Northern Ireland is part of the UK, where equal marriage became a reality in 2014 in England and Wales and in 2015 in Scotland. It borders the Republic of Ireland, where people voted in 2015 to make marriage equal.
In opinion polls, 70% of the population in Northern Ireland say they support giving equal rights to their fellow citizens. A clear majority of members of the Northern Ireland Assembly say they support marriage equality. Thousands of people took to the streets in July calling for marriage equality.
But people in same-sex relationships are still denied the fundamental right to marry the one they love. Northern Ireland still does not have equal marriage. And this doesn’t just affect those who live there: all same-sex married UK citizens travelling to Northern Ireland have their marriage downgraded automatically.
There is a very strong possibility that this is about to change. For years, the Democratic Unionists (DUP) have effectively vetoed marriage equality, repeatedly blocking legislation that would bring marriage equality to all citizens of the UK. But the DUP may be about to lose this bargaining chip following the collapse of inter-party talks to restore devolved government.
The Westminster Government has already passed a budget for Northern Ireland earlier this month. It is possible that this is the first step towards direct rule from Westminster and is, therefore, a moment of opportunity to sidestep the DUP’s homophobic blocking tactics.
There is no doubt that a majority of MPs in the UK Parliament would like to see marriage equality come to Northern Ireland. The Prime Minister herself wrote earlier this month:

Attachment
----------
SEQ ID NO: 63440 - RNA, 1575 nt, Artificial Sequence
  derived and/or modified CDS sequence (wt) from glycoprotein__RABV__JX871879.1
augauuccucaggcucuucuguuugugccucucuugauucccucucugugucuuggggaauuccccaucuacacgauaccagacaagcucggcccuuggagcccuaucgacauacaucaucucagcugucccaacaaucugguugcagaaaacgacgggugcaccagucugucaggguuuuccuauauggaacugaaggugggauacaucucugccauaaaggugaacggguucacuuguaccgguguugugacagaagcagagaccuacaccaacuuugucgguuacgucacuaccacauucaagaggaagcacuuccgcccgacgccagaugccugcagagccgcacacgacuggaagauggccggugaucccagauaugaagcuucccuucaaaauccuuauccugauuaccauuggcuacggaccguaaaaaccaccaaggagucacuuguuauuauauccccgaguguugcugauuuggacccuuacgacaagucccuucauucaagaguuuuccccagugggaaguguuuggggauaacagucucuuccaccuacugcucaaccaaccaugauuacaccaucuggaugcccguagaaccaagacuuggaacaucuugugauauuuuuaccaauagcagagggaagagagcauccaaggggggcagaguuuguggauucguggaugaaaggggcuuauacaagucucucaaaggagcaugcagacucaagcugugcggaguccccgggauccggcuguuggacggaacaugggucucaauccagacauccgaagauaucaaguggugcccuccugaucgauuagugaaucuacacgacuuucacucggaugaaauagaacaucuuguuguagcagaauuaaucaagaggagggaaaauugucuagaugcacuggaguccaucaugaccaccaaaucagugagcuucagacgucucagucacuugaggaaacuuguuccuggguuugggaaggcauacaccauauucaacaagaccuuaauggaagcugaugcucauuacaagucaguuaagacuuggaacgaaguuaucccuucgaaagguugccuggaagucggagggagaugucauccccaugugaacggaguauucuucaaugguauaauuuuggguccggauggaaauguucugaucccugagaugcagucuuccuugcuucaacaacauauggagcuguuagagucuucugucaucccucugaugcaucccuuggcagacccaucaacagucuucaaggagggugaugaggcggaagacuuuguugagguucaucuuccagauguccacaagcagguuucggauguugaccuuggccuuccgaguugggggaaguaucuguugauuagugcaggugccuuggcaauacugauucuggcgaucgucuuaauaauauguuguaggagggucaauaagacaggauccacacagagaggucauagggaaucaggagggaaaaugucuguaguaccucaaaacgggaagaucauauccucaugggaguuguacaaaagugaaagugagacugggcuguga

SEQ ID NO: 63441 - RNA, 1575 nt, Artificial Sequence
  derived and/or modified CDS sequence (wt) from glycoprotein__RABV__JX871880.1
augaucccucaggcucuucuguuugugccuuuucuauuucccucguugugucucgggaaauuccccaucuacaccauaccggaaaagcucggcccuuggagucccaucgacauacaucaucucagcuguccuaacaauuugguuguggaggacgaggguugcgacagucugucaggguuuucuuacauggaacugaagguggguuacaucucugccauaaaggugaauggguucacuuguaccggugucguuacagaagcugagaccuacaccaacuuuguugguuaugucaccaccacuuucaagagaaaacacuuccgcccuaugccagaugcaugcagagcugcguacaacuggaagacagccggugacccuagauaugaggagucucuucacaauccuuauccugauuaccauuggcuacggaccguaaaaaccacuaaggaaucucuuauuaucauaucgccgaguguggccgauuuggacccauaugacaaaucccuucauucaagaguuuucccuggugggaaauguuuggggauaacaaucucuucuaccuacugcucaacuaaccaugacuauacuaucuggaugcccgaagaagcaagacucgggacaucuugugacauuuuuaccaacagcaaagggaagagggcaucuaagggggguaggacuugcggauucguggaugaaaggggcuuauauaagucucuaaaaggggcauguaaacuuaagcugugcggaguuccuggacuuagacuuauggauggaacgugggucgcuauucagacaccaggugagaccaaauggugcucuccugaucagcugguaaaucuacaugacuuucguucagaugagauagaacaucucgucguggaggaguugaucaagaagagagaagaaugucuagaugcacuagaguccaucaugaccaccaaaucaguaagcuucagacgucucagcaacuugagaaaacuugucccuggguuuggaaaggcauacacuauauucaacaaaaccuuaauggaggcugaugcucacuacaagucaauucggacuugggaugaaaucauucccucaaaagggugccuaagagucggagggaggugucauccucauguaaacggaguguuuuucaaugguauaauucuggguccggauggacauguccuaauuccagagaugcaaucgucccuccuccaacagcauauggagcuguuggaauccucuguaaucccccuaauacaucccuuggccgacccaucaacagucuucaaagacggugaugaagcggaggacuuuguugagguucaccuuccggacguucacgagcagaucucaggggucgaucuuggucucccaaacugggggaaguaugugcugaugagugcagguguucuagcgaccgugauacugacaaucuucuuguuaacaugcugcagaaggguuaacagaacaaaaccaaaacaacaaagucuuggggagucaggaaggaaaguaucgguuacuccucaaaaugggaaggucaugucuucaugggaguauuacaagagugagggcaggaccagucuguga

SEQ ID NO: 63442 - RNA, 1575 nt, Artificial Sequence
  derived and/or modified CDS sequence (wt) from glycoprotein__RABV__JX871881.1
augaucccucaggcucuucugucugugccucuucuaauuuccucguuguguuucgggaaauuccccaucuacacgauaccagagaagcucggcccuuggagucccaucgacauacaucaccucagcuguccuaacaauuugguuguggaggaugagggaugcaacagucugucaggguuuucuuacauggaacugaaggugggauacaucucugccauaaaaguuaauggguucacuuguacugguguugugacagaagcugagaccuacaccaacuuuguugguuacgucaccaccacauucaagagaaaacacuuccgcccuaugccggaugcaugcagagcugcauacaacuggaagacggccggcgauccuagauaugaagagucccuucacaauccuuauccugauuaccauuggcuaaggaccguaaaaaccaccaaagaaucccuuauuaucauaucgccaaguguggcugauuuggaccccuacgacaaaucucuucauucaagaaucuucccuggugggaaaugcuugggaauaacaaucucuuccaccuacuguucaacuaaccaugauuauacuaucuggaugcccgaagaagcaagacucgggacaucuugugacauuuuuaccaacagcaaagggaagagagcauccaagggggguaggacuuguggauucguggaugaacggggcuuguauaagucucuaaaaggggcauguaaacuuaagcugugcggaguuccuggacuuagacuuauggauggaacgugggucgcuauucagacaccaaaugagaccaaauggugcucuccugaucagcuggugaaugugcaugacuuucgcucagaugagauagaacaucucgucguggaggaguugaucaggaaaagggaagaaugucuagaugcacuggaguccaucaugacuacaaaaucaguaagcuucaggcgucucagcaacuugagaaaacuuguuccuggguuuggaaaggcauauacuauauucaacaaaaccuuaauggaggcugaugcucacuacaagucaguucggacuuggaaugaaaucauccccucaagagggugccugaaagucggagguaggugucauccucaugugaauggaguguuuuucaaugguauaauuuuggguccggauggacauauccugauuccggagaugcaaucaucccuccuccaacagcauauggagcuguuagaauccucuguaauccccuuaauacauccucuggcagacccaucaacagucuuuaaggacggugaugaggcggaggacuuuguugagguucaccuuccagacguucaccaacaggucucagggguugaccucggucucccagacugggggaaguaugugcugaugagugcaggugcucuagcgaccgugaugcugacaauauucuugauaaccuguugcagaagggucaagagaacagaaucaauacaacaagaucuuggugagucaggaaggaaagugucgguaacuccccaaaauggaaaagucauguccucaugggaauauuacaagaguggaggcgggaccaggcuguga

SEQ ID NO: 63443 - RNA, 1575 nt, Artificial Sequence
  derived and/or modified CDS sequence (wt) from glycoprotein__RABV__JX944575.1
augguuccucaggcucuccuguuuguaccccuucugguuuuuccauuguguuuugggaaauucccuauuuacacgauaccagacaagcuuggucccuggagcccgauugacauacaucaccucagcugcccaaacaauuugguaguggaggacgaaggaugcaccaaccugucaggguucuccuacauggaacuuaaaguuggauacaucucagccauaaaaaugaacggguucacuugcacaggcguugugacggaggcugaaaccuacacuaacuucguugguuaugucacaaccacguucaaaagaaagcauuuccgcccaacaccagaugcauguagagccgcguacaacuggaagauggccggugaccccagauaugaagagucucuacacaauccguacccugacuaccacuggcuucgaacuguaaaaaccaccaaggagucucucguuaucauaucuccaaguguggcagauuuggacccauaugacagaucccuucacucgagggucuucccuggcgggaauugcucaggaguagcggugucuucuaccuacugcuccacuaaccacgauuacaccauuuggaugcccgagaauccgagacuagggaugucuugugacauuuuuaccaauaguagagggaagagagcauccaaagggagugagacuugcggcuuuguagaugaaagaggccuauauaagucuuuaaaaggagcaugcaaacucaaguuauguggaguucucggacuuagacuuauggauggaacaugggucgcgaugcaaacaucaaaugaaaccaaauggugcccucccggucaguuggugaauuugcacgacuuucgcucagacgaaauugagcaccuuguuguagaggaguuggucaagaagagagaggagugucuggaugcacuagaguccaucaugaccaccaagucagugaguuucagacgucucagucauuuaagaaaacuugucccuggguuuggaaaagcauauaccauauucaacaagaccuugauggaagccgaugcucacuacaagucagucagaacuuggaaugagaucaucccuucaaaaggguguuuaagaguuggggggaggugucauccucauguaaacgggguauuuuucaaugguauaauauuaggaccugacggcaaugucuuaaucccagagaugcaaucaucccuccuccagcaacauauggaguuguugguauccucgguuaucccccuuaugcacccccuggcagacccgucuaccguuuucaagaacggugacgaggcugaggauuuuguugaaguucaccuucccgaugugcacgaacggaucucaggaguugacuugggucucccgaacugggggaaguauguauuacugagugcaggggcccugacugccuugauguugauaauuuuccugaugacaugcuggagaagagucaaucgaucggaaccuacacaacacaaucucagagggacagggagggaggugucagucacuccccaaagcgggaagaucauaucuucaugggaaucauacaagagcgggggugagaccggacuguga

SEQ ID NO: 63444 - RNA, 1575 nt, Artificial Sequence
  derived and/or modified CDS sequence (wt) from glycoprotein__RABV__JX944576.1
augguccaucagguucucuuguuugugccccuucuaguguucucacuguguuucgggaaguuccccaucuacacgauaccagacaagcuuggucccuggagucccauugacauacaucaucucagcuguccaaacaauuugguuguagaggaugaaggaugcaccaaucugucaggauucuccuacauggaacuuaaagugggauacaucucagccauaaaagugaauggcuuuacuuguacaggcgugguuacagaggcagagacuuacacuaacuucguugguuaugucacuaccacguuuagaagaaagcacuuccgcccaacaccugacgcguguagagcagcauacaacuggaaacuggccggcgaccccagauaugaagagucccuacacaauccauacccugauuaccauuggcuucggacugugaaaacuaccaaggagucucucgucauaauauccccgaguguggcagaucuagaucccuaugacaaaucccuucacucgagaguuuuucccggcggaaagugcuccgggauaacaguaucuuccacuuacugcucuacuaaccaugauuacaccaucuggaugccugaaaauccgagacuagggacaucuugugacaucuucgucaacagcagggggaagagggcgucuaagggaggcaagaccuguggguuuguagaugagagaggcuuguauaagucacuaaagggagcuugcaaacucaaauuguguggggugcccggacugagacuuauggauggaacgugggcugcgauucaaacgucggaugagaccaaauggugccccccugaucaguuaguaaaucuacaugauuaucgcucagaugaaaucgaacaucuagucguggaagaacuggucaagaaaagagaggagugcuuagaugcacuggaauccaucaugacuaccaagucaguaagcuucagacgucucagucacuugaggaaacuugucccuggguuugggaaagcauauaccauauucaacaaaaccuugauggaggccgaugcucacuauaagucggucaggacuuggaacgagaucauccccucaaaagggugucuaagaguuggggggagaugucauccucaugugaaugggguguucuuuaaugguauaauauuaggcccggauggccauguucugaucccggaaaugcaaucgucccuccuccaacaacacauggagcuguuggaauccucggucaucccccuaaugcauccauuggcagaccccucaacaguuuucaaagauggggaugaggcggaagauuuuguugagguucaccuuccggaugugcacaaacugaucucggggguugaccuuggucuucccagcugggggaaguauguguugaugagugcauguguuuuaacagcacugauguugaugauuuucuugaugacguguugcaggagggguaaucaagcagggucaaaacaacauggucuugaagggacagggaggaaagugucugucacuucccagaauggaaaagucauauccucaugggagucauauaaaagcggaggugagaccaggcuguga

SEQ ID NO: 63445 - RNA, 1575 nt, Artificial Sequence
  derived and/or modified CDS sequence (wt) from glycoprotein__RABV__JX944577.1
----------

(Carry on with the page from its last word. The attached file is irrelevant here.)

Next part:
“….marriage should be for everyone, regardless of their sexuality. And while that is a matter for the devolved government of Northern Ireland, I will continue to make my position clear – the LGBT+ people in Northern Ireland should have the same rights as people across the UK.”
The DUP is unlikely to give up on its opposition to equality any time soon. Politicians from this party have called LGBTQ people “repulsive” and “unnatural” and have stated that children raised in LGBTQ families are more likely to be abused or neglected.
The Northern Ireland Executive has failed to do its job. It has failed to represent the will of the people. The talks on devolved government have failed and there is now a unique moment in which popular pressure can defeat the outdated religious bigotry of the DUP.
Now is the time to bring equality and dignity to thousands. To people like Jayne and Laura who feature in a new campaign from All Out and Love Equality.
Jayne and Laura are in a committed and loving relationship, bringing up their six year old daughter, Abbie, together. They are sick of being treated as political pawns and insulted by DUP politicians. They just want the simple right to do what loving couples everywhere else in the UK and Ireland can do – express their love and commitment by getting married. And there is a real chance that this could become a reality.
Click here to join the call to Theresa May to act immediately to extend equal marriage rights to Jayne, Laura and all citizens of the UK. It is time.
The post Why we must act now to bring marriage equality to Northern Ireland appeared first on Gay Times.
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